Washington (Reuters)-Scientists have figured out how the underground ocean on Jupiter’s moon Europa formed, and determined that this huge water area may have been able to support the life of microorganisms in the past.
Europa’s ocean is hidden under a thick ice shell. For a long time, it has been considered as a potential habitat for extraterrestrial life in our solar system, just like other candidates such as Mars and Saturn’s moon Enceladus. A new study published at the Earth Science Conference on Wednesday emphasized its potential.
The researchers found that due to the heat generated by the decay of the internal radioactive elements of the water-rich minerals in its early history, the Europa ocean may have formed after the water-rich minerals spewed out of the water.
The tidal effects caused by the gravitational interaction between Europa and Jupiter (the largest planet in the solar system) and the other two large Jupiter moons Io and Ganymede may also play a role.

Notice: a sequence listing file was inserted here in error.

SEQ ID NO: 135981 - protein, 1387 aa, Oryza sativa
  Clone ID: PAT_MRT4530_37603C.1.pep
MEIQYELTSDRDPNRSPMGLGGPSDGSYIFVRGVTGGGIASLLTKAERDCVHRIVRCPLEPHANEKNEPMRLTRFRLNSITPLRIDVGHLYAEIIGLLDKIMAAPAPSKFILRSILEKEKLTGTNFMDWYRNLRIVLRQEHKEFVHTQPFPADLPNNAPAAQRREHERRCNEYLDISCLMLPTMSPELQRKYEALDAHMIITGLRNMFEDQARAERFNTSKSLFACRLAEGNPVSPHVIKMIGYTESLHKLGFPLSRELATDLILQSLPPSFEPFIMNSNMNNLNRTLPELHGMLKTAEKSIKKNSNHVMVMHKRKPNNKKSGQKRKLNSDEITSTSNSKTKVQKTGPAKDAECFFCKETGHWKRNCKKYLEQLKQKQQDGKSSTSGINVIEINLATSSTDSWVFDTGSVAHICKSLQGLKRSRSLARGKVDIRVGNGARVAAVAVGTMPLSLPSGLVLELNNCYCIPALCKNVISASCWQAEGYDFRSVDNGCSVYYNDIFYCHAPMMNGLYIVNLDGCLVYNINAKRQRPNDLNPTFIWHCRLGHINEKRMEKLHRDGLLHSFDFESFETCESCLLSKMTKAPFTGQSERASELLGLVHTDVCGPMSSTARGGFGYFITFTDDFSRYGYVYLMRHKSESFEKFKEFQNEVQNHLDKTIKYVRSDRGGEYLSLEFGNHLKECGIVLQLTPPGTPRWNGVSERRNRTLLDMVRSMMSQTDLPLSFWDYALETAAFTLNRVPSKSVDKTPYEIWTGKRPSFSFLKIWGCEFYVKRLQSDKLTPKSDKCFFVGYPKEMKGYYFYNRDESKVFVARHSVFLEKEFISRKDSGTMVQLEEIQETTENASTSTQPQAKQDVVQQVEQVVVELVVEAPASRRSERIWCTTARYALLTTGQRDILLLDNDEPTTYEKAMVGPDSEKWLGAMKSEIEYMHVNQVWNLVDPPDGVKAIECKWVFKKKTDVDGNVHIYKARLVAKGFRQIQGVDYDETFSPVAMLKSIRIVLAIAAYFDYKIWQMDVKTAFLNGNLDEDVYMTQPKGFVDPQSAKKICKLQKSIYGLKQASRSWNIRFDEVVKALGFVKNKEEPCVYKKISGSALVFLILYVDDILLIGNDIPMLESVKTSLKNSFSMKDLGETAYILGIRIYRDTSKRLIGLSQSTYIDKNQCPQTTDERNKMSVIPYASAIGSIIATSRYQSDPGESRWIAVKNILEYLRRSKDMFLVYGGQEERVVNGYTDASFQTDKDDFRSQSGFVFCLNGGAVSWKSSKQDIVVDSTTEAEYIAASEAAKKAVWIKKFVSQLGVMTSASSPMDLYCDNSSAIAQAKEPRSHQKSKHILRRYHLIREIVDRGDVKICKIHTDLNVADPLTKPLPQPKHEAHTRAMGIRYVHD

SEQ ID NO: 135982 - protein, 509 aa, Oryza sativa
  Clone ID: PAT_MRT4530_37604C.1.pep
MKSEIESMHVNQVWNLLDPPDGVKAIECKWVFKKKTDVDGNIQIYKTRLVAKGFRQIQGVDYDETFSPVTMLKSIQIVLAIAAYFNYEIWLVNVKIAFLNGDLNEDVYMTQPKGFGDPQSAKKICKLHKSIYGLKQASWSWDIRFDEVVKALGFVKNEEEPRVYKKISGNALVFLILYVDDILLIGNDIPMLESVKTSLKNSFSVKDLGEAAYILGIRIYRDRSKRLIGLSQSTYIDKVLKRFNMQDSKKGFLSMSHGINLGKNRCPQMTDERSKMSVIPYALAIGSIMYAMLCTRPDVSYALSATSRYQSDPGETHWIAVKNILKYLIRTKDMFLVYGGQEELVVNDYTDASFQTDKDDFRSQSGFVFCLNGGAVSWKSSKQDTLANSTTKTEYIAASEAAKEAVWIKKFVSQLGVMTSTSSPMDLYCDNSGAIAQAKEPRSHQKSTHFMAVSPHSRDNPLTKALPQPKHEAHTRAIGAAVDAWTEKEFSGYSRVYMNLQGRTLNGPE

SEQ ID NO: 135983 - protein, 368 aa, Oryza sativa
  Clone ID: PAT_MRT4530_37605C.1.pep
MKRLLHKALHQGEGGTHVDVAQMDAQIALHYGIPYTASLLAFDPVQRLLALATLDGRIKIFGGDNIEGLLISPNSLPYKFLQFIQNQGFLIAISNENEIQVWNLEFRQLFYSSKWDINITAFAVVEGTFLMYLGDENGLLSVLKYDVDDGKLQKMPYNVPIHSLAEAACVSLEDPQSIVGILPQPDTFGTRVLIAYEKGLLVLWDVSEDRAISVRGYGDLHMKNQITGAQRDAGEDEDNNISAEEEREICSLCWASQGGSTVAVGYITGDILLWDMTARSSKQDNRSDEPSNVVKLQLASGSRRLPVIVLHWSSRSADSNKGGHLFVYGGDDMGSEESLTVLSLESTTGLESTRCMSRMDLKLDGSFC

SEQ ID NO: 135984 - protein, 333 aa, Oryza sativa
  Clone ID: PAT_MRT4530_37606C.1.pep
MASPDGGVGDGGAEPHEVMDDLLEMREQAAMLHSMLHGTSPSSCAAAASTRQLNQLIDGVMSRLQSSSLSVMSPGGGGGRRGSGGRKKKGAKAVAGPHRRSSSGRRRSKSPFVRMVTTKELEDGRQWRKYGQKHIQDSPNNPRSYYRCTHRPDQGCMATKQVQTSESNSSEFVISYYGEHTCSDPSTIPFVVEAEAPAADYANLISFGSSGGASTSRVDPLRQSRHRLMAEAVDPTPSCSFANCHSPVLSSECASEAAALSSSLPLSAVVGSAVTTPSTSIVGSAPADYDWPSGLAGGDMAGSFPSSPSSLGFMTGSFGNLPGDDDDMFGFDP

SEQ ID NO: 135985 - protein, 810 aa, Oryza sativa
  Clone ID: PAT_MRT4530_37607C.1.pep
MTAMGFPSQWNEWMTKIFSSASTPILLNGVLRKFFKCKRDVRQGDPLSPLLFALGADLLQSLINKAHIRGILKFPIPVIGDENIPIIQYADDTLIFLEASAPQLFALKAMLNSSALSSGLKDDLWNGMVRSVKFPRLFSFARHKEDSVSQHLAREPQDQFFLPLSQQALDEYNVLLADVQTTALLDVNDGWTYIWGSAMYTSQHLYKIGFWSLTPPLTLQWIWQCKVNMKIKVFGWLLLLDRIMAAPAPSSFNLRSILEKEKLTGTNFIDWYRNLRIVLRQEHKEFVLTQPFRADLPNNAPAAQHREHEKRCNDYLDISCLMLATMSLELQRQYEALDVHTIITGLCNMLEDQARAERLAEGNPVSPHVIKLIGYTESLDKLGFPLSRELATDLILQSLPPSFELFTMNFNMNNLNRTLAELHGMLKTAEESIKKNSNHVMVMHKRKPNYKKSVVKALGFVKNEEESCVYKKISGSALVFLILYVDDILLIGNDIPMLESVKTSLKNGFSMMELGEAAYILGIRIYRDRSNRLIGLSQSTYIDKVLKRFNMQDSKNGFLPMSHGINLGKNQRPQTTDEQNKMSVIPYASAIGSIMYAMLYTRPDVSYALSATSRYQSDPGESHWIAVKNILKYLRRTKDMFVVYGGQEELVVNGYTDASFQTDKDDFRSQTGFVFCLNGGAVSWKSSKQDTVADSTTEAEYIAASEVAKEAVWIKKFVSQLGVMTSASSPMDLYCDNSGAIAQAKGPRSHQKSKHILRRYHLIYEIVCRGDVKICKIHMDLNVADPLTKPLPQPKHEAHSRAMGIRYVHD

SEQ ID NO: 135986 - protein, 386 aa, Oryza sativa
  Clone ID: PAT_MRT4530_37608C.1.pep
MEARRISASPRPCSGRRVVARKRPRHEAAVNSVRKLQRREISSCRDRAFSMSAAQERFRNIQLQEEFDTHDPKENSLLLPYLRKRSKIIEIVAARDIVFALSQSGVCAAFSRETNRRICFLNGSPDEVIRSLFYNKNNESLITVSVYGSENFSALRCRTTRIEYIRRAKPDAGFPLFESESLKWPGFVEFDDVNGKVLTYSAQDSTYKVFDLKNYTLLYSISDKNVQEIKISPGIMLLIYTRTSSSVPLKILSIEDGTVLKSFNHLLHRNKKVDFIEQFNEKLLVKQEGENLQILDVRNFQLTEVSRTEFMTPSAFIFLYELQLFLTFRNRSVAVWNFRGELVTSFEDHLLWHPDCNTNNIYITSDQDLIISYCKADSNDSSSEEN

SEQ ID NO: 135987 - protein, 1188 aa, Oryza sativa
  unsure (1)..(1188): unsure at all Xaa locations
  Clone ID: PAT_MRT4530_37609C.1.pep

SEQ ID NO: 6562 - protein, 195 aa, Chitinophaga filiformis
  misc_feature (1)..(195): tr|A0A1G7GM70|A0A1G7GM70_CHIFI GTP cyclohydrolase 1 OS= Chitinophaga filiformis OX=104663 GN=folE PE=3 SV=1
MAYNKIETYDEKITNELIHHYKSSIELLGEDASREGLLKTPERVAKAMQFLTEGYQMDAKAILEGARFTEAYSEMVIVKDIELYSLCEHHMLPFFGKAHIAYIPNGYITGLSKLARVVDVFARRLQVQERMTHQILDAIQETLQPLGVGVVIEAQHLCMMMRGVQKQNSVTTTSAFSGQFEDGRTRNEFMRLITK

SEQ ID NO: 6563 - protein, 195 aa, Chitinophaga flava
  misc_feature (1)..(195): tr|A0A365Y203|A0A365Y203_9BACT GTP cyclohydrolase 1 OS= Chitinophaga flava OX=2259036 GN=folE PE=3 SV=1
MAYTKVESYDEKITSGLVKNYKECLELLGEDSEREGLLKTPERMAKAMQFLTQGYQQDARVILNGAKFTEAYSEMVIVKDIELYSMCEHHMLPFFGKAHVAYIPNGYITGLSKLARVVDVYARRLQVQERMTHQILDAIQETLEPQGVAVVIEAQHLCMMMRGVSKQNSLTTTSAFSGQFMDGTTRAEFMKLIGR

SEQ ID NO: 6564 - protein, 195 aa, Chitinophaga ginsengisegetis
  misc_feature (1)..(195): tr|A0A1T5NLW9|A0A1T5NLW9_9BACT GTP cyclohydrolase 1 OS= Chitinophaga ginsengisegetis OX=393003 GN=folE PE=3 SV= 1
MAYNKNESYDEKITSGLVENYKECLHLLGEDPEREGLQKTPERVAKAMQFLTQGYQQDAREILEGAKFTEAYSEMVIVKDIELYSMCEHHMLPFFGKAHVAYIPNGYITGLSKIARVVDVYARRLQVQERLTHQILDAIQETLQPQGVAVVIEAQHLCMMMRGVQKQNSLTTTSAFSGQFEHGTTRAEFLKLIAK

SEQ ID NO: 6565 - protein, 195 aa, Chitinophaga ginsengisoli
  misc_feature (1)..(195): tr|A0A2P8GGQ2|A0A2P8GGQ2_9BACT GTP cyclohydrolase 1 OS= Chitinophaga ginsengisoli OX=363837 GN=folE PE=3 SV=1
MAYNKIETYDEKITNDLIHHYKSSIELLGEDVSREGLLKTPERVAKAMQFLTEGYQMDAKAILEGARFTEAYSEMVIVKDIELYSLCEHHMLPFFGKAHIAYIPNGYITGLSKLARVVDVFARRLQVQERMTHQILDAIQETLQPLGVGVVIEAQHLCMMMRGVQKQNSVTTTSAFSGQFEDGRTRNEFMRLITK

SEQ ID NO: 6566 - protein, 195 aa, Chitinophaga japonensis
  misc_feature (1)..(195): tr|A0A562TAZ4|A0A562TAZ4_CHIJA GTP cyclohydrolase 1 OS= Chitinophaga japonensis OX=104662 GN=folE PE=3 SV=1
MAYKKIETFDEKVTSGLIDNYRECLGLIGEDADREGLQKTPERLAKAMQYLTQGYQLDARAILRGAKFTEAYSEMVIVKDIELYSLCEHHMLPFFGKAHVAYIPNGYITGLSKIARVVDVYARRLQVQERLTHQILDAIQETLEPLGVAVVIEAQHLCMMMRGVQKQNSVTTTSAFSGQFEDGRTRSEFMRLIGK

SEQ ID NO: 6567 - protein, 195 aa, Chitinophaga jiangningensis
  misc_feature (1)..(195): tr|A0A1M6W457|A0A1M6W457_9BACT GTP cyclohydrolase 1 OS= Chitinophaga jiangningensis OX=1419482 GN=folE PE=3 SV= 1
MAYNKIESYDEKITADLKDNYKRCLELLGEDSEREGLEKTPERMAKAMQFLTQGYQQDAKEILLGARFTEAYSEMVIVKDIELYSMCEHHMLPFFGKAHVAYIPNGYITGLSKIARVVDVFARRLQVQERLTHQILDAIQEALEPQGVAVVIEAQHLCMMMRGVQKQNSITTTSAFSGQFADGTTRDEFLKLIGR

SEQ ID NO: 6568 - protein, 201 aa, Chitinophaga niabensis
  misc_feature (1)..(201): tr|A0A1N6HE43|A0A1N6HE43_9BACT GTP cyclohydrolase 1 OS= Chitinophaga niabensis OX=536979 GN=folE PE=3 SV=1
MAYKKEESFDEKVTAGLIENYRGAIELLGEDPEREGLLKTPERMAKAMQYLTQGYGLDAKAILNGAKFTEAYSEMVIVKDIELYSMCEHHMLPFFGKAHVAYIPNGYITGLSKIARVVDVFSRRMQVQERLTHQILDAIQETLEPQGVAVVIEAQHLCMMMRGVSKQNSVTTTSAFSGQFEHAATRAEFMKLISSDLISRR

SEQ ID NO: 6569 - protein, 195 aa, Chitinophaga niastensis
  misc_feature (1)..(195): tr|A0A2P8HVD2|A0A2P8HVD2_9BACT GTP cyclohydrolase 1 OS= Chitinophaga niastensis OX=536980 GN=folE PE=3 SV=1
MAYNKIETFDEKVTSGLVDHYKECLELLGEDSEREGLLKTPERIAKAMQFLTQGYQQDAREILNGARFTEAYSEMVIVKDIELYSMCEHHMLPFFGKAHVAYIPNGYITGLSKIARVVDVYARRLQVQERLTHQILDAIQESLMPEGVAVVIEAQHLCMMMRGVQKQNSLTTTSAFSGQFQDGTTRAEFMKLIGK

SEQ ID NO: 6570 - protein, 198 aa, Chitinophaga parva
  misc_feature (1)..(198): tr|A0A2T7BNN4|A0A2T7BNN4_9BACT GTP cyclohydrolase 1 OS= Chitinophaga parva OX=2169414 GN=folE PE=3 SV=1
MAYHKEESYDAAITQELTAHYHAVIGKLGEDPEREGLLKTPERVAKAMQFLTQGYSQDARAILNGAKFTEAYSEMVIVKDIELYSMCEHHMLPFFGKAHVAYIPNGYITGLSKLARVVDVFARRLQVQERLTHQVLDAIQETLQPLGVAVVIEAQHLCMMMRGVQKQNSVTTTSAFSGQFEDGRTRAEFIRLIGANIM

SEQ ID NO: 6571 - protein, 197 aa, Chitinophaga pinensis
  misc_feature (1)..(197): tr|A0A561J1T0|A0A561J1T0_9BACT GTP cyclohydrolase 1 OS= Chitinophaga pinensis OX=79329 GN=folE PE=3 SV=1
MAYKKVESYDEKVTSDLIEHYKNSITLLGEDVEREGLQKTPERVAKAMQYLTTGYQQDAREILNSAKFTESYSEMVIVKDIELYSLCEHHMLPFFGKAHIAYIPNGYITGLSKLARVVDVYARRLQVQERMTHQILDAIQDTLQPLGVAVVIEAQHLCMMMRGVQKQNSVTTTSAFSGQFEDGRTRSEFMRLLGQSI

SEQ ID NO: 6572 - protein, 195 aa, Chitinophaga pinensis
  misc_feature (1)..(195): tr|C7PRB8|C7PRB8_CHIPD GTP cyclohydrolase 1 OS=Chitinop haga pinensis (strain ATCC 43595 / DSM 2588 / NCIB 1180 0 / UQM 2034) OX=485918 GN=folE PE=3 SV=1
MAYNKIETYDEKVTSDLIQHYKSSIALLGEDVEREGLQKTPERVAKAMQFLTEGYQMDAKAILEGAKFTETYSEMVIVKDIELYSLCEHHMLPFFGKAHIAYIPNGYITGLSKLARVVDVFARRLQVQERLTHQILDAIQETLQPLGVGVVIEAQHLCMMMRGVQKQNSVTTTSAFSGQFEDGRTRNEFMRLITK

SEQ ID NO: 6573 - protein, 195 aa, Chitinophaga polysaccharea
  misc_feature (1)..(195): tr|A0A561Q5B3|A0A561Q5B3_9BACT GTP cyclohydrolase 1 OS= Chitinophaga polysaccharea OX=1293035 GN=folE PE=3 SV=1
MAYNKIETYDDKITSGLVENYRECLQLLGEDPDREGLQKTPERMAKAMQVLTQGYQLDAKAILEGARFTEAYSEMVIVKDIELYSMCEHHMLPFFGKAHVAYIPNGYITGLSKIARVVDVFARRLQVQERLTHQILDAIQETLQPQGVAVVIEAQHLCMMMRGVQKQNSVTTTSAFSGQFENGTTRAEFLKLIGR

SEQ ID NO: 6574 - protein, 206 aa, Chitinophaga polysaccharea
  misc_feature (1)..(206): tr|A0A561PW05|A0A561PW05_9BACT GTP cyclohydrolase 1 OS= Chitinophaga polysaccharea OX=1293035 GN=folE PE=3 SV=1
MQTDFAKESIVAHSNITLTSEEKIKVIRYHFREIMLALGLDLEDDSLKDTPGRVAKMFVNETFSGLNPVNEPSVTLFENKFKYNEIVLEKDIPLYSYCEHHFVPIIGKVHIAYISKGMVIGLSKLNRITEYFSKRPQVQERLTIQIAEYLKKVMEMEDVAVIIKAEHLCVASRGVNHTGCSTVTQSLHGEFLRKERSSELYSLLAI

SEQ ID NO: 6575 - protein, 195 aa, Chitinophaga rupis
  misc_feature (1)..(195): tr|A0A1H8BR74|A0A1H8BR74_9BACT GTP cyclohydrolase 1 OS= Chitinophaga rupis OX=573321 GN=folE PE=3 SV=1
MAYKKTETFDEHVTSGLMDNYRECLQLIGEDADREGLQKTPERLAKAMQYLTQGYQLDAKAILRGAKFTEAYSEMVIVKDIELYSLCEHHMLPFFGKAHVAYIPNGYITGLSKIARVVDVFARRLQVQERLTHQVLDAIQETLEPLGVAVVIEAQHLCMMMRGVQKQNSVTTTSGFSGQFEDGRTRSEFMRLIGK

Planetary scientist Mohit Melvani Daswani of NASA’s Jet Propulsion Laboratory said: “We think that the Europa ocean may be inhabitable early in its formation, because our model shows that the composition of the ocean may be It’s just moderately acidic and contains carbon dioxide and some sulfates.” The person in charge of the research.
“Obtaining liquid water is the first step towards habitability. In addition, in the past, the chemical exchange between the ocean and the interior of the rock may have been very important, so potential life may have been able to survive using chemical energy.”
Daswani said that microorganisms similar to certain earth bacteria that use carbon dioxide as an energy source can survive using the ingredients available in the early Europa ocean.
Europa is a little bit smaller than the moon of the earth. Europa’s ocean may be as deep as 40 to 100 miles (65 to 160 km), and its water surface may be twice that of the earth’s ocean.
This study assessed whether Europa was previously habitable and did not study its current habitability, which is a question the researchers are exploring.
“Warning,” Melwani Daswani said. “If a place is habitable, it does not mean that it is actually inhabited, but that the conditions can enable some extremely difficult life we know on earth to survive.”
(Reporting by Will Dunham; Editing by Sandra Maler)